One can imagine the mind of Nicodemus spinning fast as Jesus first explains why he has to be born again, then says that the Spirit is like the wind which blows wherever it wishes, then scolds this teacher of the law for not receiving the very testimony they had been waiting for, then teaching the necessity of the Son of Man being lifted up, then making a sweeping statement about how believing in the Name of the only Son of God, and finally, pronouncing the verdict, “The light has come into the world, and people loved the darkness rather than the light because their works were evil.”
On the one hand, Christ died for all, on the other, many are not saved. On the one hand Christ made satisfaction for everyone, on the other, salvation requires the tgift of faith that holds to Christ. Although the light is for everyone, many, for one reason or another, or for no particular reason, will prefer darkness.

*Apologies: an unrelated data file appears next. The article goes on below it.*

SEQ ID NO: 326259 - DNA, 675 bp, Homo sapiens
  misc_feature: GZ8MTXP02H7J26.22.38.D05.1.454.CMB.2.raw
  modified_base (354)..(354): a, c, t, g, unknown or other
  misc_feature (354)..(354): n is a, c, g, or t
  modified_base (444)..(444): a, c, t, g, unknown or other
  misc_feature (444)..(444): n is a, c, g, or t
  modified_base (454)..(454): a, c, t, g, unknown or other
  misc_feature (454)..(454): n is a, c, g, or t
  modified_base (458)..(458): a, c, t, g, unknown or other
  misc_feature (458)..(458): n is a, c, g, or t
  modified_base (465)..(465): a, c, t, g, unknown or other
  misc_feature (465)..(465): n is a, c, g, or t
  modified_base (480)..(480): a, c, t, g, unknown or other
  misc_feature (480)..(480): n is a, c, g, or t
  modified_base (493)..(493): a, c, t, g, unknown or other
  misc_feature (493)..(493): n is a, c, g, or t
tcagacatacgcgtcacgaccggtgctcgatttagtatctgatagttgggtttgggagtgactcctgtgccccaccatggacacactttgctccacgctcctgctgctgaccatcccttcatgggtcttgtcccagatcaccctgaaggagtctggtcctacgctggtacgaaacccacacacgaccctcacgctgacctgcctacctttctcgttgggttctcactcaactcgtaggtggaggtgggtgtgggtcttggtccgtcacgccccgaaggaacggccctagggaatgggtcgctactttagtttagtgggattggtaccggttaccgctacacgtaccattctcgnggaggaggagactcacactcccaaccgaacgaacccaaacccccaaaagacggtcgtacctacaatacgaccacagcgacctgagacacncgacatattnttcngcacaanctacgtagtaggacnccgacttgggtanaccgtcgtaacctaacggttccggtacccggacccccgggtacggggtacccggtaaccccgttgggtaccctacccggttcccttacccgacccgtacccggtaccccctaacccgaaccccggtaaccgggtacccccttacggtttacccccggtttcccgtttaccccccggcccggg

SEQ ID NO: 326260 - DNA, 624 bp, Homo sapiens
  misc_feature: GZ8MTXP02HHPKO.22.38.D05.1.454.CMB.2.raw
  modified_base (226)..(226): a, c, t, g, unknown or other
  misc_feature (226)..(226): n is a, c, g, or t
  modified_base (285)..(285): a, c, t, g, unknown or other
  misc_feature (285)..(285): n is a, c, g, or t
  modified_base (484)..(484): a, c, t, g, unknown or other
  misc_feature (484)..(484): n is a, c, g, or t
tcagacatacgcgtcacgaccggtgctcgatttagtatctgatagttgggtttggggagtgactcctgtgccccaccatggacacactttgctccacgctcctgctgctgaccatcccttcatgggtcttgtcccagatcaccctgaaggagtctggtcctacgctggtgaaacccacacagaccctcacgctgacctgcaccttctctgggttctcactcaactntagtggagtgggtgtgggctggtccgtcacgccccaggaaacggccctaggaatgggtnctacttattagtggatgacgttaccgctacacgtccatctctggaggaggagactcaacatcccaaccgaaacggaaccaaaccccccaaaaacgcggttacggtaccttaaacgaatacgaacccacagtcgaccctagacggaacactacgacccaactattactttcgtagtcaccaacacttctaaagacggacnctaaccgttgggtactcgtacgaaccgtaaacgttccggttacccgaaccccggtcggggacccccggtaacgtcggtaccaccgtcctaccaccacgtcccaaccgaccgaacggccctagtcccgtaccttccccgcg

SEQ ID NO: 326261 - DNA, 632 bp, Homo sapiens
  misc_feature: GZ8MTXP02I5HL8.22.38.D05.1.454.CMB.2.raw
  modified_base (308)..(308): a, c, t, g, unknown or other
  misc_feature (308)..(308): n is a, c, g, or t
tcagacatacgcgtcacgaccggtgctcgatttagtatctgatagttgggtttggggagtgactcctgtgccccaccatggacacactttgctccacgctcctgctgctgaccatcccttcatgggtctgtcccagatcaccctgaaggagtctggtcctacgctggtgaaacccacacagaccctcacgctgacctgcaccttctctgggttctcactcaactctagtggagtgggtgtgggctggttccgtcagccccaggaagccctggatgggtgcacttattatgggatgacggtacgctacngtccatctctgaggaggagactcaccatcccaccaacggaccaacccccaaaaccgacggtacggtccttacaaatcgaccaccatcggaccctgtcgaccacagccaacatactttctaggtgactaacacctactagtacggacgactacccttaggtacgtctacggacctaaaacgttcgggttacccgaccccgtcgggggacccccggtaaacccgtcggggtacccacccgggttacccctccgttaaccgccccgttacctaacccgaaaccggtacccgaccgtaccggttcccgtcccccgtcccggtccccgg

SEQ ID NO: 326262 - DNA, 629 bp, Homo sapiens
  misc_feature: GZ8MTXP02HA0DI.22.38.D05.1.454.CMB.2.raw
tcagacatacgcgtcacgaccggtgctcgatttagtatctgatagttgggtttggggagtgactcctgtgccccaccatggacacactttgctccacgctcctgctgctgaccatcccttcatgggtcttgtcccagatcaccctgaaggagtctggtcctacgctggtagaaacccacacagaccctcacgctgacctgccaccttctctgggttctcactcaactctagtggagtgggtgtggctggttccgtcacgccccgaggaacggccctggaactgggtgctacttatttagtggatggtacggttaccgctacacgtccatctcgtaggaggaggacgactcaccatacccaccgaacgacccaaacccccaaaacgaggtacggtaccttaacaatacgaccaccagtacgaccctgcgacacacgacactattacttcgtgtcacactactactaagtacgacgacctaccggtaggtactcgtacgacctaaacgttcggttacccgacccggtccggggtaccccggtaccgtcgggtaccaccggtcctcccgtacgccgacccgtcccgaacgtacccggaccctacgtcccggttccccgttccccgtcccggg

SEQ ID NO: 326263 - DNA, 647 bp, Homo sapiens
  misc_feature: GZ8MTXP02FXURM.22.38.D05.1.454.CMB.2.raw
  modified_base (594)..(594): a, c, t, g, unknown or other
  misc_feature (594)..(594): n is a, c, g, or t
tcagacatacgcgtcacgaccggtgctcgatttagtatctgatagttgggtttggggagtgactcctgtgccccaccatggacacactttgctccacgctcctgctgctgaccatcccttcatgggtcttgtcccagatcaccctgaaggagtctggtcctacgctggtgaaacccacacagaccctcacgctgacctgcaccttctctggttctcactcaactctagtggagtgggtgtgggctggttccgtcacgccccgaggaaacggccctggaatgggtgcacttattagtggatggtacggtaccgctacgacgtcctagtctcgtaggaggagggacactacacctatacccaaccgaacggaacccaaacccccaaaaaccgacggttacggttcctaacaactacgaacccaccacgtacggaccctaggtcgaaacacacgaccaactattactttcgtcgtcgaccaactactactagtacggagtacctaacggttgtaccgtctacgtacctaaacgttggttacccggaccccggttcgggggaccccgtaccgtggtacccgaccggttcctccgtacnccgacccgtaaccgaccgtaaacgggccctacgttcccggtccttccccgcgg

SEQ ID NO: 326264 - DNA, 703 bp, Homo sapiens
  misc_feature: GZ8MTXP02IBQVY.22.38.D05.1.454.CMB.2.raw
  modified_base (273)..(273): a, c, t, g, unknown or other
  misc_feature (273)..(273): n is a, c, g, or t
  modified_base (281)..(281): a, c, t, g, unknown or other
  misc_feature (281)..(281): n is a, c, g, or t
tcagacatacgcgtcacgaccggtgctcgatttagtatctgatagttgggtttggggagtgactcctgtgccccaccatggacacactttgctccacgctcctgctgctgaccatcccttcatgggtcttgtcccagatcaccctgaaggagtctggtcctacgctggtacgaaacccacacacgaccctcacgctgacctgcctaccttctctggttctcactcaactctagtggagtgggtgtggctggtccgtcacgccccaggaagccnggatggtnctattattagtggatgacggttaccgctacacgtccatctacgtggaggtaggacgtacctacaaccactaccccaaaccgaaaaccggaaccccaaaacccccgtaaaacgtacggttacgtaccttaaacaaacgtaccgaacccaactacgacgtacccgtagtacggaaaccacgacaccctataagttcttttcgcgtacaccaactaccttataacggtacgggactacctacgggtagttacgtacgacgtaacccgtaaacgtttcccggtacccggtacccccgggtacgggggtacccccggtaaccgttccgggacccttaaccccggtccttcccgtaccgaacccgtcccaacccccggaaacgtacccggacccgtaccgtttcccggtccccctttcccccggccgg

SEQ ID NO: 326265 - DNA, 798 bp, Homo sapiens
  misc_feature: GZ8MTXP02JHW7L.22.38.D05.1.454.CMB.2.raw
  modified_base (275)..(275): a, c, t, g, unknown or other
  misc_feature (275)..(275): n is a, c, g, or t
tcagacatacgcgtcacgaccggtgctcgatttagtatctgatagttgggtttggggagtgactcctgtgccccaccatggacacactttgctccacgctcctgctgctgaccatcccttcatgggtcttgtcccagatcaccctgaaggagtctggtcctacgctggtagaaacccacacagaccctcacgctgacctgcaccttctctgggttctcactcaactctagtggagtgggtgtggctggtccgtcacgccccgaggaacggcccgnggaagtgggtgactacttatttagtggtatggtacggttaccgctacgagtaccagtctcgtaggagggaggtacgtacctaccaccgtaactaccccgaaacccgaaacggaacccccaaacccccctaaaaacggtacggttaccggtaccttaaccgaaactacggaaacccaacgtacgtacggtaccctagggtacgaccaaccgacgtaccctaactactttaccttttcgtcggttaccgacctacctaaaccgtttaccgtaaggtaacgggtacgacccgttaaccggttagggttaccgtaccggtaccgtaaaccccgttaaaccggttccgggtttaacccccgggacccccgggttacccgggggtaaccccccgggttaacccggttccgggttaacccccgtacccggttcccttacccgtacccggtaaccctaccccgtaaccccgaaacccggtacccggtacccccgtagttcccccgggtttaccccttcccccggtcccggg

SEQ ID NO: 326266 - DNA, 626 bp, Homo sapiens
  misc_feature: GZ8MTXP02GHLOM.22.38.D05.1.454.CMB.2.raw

The kingdom of God is like a couple in their 60’s who came to church as little children, pretty much against their will. They were drawn to the church when it was time to get married, drawn to the church which is like a city of lights set on a hill when it was time to get their children baptized, drawn to the church when it was time for their teens to be catechized, drawn to the church when it was time for weddings and funerals, but other than those special occasions, they are realizing this morning they have preferred darkness, they have wandered into lukewarm Christianity, in so many ways they have lived in the shadows instead of letting their Gospel lights shine. This morning, they hear one more time that which they have heard a thousand times, they are saved by grace, through faith, it is a gift of God, not of works, lest any should boast. They drawn to the cross where their Savior died. They are humbled by his mercy and broken inside. One more time they thank Jesus for being lifted up, they marvel at a grace which makes them alive, a new day is rising up on the inside of their hearts.